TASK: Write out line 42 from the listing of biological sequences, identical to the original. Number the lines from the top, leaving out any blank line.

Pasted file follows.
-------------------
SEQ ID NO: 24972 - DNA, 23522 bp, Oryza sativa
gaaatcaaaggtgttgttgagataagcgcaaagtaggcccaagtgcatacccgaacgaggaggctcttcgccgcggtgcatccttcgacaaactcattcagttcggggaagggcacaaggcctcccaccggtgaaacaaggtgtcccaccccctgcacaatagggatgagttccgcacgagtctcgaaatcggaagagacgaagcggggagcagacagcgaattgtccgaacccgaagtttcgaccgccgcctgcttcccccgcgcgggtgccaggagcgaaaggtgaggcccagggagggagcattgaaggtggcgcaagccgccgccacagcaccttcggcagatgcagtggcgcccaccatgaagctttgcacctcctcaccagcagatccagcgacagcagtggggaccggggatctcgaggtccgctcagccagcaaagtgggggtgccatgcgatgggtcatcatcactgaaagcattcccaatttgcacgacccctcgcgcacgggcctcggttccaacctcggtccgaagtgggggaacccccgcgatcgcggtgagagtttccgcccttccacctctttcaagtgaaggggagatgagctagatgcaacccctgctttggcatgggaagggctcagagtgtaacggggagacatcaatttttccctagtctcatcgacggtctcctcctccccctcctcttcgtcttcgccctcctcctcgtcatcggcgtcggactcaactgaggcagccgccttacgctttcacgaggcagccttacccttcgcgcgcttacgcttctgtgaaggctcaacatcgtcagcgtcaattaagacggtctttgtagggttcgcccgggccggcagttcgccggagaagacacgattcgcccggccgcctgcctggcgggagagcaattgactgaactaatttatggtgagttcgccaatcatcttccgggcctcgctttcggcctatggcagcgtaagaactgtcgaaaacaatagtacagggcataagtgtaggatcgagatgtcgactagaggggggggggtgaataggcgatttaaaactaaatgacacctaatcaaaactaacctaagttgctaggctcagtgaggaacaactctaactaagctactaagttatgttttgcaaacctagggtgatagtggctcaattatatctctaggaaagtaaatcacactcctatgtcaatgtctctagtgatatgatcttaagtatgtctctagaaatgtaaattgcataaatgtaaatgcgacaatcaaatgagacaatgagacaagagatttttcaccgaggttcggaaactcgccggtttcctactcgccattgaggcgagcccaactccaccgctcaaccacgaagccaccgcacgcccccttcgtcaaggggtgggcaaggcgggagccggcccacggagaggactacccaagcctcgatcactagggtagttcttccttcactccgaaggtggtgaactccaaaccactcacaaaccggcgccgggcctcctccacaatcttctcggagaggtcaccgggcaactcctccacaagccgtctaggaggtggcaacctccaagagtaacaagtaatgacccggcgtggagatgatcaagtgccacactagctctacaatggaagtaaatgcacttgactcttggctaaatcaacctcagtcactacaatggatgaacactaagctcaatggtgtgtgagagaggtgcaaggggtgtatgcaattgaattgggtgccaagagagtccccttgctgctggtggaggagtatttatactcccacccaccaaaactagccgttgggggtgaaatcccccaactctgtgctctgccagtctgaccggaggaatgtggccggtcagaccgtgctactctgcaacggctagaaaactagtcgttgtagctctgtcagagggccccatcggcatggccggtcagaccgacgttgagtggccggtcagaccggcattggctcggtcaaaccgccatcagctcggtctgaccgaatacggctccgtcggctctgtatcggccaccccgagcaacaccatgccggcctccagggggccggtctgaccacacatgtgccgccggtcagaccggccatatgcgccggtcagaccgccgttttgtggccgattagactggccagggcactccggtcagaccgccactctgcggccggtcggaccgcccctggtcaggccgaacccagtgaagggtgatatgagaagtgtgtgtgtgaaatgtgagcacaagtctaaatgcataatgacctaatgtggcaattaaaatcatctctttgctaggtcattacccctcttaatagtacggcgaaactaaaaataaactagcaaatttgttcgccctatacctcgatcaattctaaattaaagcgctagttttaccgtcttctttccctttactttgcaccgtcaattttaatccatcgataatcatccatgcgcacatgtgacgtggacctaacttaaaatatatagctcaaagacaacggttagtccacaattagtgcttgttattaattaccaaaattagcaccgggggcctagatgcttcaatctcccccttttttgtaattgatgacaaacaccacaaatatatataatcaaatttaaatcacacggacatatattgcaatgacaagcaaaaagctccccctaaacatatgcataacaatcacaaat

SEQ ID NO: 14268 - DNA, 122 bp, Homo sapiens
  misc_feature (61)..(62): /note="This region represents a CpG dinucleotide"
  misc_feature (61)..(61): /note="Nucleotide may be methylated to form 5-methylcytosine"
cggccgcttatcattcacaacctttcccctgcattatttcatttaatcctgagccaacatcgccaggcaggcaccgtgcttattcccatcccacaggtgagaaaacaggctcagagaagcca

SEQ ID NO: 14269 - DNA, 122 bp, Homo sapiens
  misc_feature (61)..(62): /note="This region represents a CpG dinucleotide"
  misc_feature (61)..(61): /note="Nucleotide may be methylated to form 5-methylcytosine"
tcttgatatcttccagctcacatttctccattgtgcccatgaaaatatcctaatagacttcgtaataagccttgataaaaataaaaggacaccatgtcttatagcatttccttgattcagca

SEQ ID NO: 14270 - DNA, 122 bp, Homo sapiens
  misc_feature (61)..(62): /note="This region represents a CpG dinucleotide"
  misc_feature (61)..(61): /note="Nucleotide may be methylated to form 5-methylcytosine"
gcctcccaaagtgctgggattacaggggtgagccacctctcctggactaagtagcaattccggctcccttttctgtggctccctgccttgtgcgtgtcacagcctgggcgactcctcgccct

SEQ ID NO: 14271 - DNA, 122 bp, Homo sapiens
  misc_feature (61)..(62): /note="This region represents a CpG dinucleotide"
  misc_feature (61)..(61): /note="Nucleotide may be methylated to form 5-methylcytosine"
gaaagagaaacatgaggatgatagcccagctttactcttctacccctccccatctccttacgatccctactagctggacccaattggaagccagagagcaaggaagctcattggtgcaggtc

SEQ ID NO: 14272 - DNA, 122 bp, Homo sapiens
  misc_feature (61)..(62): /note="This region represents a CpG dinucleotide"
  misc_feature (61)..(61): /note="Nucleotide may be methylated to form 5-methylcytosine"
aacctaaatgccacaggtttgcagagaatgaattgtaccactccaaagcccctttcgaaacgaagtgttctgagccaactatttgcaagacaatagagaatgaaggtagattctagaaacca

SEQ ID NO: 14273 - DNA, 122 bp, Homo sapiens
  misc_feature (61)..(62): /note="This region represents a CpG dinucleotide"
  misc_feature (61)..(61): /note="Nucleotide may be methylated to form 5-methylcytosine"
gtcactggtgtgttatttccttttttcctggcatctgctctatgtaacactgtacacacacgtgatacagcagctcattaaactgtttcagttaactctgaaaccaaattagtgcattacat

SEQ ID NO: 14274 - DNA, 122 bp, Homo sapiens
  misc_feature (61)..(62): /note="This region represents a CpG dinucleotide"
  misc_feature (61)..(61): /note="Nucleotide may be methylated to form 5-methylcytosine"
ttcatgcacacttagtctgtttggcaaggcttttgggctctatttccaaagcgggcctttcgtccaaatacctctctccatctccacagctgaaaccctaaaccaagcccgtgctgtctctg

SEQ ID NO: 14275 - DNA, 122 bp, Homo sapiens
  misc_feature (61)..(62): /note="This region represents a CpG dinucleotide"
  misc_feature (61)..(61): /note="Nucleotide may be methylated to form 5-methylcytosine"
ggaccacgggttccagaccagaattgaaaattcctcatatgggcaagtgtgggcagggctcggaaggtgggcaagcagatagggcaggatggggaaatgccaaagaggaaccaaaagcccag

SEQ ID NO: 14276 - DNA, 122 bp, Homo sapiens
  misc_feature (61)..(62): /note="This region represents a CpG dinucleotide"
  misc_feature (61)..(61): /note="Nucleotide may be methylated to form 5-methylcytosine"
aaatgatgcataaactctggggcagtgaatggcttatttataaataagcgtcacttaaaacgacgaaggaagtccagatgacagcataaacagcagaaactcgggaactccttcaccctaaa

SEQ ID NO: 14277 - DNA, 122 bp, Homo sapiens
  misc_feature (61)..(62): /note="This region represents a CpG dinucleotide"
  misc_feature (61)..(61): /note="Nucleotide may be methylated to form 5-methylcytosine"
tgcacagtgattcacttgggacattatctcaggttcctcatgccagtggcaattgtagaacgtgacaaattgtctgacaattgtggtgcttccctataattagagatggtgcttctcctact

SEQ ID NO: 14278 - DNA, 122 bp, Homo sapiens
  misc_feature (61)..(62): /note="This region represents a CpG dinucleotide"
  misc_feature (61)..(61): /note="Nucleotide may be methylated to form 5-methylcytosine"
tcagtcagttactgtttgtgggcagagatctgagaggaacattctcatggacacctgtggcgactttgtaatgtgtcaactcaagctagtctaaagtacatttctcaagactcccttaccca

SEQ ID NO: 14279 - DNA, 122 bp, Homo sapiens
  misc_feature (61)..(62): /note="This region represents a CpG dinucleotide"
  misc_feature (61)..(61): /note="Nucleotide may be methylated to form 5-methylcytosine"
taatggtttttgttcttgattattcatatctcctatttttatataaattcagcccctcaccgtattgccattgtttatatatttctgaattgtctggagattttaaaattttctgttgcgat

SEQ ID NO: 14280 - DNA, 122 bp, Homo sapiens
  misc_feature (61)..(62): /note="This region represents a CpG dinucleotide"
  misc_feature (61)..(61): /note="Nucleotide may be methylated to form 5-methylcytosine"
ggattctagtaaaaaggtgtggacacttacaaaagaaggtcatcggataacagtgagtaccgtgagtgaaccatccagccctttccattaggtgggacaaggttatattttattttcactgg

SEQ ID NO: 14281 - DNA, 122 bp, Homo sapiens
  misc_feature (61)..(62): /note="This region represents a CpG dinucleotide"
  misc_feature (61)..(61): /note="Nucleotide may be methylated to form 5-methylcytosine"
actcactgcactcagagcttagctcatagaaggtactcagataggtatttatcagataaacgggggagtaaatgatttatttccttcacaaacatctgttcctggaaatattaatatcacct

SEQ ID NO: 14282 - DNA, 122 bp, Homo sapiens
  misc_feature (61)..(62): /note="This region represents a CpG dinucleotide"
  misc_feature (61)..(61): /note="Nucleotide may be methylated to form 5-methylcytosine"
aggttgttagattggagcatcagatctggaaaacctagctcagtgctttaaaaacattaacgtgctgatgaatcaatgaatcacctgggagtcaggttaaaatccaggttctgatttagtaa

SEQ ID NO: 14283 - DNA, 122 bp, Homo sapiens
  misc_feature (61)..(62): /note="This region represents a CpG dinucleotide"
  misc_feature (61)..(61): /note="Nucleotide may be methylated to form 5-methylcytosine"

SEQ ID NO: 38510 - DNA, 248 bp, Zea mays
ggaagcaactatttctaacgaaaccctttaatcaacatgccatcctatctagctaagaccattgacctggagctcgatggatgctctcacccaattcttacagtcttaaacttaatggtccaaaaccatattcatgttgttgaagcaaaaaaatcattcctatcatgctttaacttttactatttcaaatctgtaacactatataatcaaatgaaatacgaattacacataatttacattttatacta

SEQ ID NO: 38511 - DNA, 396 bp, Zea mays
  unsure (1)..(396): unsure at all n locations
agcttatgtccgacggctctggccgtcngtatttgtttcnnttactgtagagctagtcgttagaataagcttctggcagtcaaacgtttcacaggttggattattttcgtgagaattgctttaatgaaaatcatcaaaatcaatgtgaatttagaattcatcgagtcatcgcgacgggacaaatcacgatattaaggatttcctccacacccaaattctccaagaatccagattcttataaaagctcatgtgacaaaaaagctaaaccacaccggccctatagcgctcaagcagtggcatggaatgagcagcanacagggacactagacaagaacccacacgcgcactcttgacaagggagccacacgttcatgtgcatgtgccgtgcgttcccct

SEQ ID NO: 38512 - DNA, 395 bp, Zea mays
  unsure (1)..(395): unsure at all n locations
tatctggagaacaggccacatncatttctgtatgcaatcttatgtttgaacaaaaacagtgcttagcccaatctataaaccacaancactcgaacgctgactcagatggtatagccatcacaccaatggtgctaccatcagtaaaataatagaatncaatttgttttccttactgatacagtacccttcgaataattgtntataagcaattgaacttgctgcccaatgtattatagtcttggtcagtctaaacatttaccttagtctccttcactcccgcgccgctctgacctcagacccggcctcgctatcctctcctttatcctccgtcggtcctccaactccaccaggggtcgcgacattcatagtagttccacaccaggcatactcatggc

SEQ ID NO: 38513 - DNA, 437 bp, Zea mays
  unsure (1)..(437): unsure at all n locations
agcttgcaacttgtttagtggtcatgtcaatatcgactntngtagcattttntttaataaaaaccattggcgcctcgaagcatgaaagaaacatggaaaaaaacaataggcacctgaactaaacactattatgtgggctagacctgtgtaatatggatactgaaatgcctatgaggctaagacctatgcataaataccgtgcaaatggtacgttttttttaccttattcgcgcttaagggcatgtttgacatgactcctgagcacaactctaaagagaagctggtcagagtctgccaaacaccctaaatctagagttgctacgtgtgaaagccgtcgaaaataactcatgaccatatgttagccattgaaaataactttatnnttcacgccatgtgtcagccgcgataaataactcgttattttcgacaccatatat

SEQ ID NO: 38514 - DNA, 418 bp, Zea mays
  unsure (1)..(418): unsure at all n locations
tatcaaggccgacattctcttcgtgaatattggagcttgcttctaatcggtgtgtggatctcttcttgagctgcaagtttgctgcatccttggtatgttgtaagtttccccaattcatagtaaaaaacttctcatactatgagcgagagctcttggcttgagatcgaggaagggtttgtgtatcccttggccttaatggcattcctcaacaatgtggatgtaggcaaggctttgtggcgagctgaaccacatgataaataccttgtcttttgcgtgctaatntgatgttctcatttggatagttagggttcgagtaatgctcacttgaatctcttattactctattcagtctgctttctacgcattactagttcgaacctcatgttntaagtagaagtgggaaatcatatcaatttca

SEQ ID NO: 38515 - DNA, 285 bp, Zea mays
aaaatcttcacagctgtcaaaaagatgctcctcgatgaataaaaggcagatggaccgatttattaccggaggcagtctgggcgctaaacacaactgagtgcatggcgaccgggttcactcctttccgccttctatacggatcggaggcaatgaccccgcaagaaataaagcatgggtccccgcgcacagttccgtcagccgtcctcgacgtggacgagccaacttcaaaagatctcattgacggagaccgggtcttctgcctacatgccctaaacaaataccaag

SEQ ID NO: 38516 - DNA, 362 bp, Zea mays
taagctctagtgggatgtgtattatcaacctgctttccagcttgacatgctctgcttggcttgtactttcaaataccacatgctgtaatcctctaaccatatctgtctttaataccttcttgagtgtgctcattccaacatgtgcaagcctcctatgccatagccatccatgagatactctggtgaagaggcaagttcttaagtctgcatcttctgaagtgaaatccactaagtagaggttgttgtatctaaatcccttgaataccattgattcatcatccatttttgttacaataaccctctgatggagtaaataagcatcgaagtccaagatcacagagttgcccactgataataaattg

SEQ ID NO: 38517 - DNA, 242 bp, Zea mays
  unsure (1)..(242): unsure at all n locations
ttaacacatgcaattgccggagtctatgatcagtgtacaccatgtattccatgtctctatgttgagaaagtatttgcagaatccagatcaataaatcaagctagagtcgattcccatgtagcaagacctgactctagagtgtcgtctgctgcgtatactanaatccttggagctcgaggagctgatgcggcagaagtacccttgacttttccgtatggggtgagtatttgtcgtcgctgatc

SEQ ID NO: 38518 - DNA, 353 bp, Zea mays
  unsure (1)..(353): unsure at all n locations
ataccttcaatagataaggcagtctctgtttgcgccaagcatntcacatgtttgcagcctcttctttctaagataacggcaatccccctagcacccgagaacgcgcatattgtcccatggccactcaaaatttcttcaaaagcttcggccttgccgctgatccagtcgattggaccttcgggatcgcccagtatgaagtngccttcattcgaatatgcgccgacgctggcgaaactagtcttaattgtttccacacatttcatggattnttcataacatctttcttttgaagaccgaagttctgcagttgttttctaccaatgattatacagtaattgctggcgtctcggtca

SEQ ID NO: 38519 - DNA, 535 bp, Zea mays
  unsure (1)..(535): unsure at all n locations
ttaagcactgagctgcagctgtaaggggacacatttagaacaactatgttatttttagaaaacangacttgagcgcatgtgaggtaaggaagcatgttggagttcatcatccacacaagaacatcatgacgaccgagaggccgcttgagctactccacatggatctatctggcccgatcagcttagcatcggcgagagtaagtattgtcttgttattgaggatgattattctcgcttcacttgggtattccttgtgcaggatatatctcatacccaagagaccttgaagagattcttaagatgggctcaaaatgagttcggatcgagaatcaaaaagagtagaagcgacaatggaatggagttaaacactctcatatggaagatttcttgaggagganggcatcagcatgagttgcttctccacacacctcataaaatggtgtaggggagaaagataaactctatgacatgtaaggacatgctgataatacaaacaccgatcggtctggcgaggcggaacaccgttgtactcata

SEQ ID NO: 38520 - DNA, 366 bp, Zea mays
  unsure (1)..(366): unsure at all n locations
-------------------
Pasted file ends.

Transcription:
tgcacagtgattcacttgggacattatctcaggttcctcatgccagtggcaattgtagaacgtgacaaattgtctgacaattgtggtgcttccctataattagagatggtgcttctcctact